I believe digitization improves accessibility immensely and each image can present a new perspective and provide additional information for users. I don’t think there can ever be enough digitized photographs.
For more information about Stowe’s visit to Tallahassee see Harriet Beecher Stowe, “Stowe’s Visit to Planter Florida,” in Calling Yankees to Florida: Harriet Beecher Stowe’s Forgotten Tourist Articles, ed. John T. Foster Jr. and Sarah Whitmer Foster (Cocoa, Florida: The Florida Historical Society Press, 2011), 85-91.
Florida Maps is the newest addition to Florida Memory’s ever-growing document collections. This is a selection of over 300 maps from the State Library of Florida’s Florida Map Collection. In addition to the standard cataloging included in all of our digitized collections, these maps have been indexed for all place names, counties, business entities, forts, lighthouses, land grants, and more. A new zoom feature allows users to view each map in full detail.
With over 70,000 place names across the more than 300 maps, this collection offers an extensive presentation of the cartographic history of Florida. A great resource for researchers, genealogists and map lovers, these maps are browsable by their geographic scope, temporal coverage, thumbnails, format, and subject terms.
The popular shopping cart feature, previously only available for the Florida Photographic Collection, is now available for Florida Maps. Now you can purchase high-resolution scans or prints up to 16″ by 20″. Explore the new Florida Map collection on Florida Memory today—what will you discover?
Show your love for Florida Memory, and your four-legged friends, by requesting a Paw Prints: Florida Pets, Remembered wall calendar! This complimentary 15-month (Oct. 2016 – Dec. 2017) calendar features photographs from the State Archives’ collections depicting special moments between Floridians and their pets. Each image has been carefully tinted to recapture the original living colors of its time.
The calendar features 15 unique images.
Individuals and organizations alike may request our calendar. Send your request to firstname.lastname@example.org, or contact the State Archives Reference Desk at 850.245.6719. Quantities may be limited depending on supply availability. All items are shipped free of charge.
Looking for more ways to help spread the word about Florida Memory? Visit our promotional items page to request posters, mousepads, CDs and brochures.
Interested in volunteering with Florida Memory? We’re looking for digital volunteers to transcribe county histories, which will make information more easily accessible for researchers using our website.
Our newly digitized collection, WPA County Histories, contains brief county histories and related notes collected or written during the Great Depression by agents of the Works Progress Administration’s Historical Records Survey. Encompassing 63 of Florida’s 67 counties, these documents are incredibly valuable reference guides for researching the history of particular Florida counties. Unfortunately, these documents aren’t searchable unless they are transcribed, which is where you come in! By helping us, your transcriptions will be benefiting researchers everywhere who use Florida Memory to learn more about the history of the Sunshine State.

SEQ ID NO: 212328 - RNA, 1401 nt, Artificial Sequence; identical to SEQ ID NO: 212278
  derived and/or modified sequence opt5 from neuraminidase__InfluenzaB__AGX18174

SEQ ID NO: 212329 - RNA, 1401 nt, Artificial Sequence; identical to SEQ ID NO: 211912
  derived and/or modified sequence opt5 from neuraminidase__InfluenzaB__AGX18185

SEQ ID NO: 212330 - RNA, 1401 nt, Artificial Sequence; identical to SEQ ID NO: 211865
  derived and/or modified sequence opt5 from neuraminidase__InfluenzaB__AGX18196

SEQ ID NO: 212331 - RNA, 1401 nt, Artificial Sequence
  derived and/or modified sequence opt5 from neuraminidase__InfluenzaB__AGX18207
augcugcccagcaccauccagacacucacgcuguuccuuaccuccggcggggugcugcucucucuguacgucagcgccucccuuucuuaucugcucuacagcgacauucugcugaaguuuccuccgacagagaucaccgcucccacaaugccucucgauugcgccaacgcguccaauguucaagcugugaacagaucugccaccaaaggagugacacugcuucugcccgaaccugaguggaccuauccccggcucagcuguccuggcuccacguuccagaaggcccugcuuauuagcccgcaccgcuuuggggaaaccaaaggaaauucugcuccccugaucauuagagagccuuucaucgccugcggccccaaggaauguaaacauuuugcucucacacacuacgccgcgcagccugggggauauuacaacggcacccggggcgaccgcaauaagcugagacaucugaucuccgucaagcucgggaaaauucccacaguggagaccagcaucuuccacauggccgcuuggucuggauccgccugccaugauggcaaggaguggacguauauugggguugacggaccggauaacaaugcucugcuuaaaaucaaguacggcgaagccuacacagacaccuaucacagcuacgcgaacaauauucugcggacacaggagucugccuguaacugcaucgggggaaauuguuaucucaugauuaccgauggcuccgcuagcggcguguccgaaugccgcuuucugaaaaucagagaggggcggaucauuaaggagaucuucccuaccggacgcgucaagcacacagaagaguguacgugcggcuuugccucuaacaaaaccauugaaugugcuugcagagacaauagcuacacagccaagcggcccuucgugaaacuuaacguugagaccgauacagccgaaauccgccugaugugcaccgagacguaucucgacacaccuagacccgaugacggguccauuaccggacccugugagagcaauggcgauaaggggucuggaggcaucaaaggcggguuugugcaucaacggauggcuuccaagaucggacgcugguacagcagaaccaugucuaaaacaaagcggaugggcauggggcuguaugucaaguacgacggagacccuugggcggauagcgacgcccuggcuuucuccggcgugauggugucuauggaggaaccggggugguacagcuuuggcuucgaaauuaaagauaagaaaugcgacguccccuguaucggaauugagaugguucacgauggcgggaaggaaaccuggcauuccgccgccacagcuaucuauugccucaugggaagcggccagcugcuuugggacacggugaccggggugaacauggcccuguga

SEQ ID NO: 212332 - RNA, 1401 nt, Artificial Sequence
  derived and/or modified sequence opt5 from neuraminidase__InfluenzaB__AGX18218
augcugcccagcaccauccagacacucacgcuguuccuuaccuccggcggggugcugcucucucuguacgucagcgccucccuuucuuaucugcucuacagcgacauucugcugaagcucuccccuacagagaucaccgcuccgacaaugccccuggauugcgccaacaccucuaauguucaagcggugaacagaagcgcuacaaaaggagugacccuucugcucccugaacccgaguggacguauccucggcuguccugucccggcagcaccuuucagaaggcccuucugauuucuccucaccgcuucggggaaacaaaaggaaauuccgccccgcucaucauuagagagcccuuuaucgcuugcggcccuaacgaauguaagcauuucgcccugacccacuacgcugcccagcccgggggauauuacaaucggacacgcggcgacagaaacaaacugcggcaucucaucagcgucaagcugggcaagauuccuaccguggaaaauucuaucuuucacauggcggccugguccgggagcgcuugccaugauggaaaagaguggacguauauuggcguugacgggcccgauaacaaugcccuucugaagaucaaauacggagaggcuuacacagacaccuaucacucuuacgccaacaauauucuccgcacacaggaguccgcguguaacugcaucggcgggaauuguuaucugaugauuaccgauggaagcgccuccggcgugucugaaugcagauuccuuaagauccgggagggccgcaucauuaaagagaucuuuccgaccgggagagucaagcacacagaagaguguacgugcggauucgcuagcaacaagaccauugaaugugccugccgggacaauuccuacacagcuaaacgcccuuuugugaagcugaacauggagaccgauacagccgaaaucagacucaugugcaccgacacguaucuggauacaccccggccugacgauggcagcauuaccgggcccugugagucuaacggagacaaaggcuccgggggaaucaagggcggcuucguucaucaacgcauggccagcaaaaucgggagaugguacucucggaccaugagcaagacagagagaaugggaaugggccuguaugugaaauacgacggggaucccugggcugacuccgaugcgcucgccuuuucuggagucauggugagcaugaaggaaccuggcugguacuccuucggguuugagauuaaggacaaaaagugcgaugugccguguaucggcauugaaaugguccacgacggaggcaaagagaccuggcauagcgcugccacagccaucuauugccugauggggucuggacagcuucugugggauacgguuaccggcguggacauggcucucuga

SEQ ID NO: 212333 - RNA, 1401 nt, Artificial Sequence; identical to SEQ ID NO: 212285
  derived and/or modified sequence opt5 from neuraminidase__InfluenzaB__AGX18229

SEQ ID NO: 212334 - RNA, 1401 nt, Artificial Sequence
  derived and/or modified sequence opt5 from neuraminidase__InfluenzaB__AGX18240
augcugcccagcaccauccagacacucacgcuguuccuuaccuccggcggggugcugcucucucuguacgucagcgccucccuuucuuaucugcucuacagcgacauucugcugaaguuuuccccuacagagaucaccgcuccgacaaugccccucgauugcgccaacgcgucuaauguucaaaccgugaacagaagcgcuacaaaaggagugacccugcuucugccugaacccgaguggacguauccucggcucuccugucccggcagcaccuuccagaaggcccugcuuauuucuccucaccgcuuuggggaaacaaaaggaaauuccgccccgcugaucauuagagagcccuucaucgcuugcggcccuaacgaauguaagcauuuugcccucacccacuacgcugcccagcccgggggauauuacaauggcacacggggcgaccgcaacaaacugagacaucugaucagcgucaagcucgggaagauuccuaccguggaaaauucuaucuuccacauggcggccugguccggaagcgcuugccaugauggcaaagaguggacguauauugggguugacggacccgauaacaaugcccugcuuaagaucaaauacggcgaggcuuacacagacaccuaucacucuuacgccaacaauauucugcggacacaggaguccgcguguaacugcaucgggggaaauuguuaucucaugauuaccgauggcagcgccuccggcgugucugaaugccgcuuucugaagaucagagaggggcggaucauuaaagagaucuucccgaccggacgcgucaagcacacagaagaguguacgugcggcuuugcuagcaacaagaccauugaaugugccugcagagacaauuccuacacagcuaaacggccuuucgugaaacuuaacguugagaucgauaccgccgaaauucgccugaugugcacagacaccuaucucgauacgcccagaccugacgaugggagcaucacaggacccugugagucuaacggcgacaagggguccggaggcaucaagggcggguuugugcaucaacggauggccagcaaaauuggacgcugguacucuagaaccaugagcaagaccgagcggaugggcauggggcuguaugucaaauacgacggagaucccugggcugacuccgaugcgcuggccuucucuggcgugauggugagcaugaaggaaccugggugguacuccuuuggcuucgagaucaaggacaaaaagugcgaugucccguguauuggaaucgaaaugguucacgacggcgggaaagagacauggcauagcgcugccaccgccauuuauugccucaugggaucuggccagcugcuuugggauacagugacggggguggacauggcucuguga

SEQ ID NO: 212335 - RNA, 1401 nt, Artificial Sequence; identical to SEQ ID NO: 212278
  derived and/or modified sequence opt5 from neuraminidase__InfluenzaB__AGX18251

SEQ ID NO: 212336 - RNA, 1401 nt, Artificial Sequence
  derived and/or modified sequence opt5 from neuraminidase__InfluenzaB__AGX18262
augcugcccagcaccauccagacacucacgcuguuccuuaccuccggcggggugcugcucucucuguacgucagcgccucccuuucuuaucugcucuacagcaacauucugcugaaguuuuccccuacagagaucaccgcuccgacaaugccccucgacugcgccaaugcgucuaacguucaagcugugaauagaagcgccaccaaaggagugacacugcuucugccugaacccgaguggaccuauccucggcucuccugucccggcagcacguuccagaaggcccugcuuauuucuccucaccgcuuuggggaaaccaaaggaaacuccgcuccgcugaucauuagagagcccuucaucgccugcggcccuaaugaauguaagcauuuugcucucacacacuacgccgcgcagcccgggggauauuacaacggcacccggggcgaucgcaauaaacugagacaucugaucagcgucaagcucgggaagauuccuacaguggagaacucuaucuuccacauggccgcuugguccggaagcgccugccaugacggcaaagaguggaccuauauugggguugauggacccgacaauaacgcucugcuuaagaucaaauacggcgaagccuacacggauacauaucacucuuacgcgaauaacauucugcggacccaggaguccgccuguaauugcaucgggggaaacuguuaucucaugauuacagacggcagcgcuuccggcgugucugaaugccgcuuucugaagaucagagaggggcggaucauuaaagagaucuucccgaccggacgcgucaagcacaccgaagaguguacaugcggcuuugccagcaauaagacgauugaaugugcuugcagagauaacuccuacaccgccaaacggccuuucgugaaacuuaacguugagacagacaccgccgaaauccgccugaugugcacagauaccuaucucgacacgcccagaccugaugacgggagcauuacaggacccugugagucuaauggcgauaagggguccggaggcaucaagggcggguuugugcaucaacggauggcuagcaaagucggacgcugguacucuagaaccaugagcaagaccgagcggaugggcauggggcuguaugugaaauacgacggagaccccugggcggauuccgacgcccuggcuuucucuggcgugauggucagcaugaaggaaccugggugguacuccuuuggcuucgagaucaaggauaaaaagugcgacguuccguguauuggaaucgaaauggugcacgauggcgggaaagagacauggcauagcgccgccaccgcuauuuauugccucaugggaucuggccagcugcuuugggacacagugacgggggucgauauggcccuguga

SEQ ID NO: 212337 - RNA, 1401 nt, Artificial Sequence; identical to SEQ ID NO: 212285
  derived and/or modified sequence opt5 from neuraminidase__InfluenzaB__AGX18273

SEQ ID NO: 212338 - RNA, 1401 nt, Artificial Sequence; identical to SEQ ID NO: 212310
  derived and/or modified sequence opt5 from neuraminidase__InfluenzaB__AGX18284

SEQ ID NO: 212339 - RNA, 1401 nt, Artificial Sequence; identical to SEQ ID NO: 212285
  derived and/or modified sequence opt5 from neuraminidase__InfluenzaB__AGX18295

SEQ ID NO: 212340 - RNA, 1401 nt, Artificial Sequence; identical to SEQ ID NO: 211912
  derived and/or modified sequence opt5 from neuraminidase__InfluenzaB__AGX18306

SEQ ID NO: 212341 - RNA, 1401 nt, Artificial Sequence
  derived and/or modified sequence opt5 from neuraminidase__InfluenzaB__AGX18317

The process of transcription is simple. These instructions will give you an understanding about the steps involved in transcribing the documents.
First, go to the WPA County Histories collection and choose from the list of counties. You can select a county you’re familiar with or choose one you know nothing about.
Select a Florida county from the map.
After choosing a county, find a document in need of transcription. These documents will have a “Transcribe This Item” tab.
Under the document you will see a “Transcribe This Item” tab when documents have not been transcribed.
Once you have chosen a document, you can begin to transcribe it. Remember to transcribe the item exactly as it appears. Any change or corrections to spelling should be encased in brackets [ ].
Sample text from a WPA document.
A transcription of the above WPA document. Note the spelling corrections appear in brackets.
Upon completion, click on the “Transcribe This Item” tab to find information about saving your transcription and how to submit it to us. Transcriptions should be saved and submitted as a plain text file using text editors such as Notepad for Windows or TextEdit for Mac OS X.
View of the “Transcribe This Item” tab with instructions for digital volunteers.
Please be aware that although the WPA field workers included extensive citations for the factual information contained in these county histories, these historical narratives were produced in the 1930s by federal government employees, and might reflect the inherent social biases of the era.
Wilbur Wightman Gramling carefully penned these words in the back inside cover of a small black pocket diary sometime between May 6, 1864 and June 21, 1865. He was a Confederate soldier from Florida, taken prisoner at the Battle of the Wilderness in Virginia after being wounded in the arm. Soon after he was transferred to a Union hospital in Washington, DC, he acquired this small volume and began writing about his experiences. Click here to view the full diary on Florida Memory.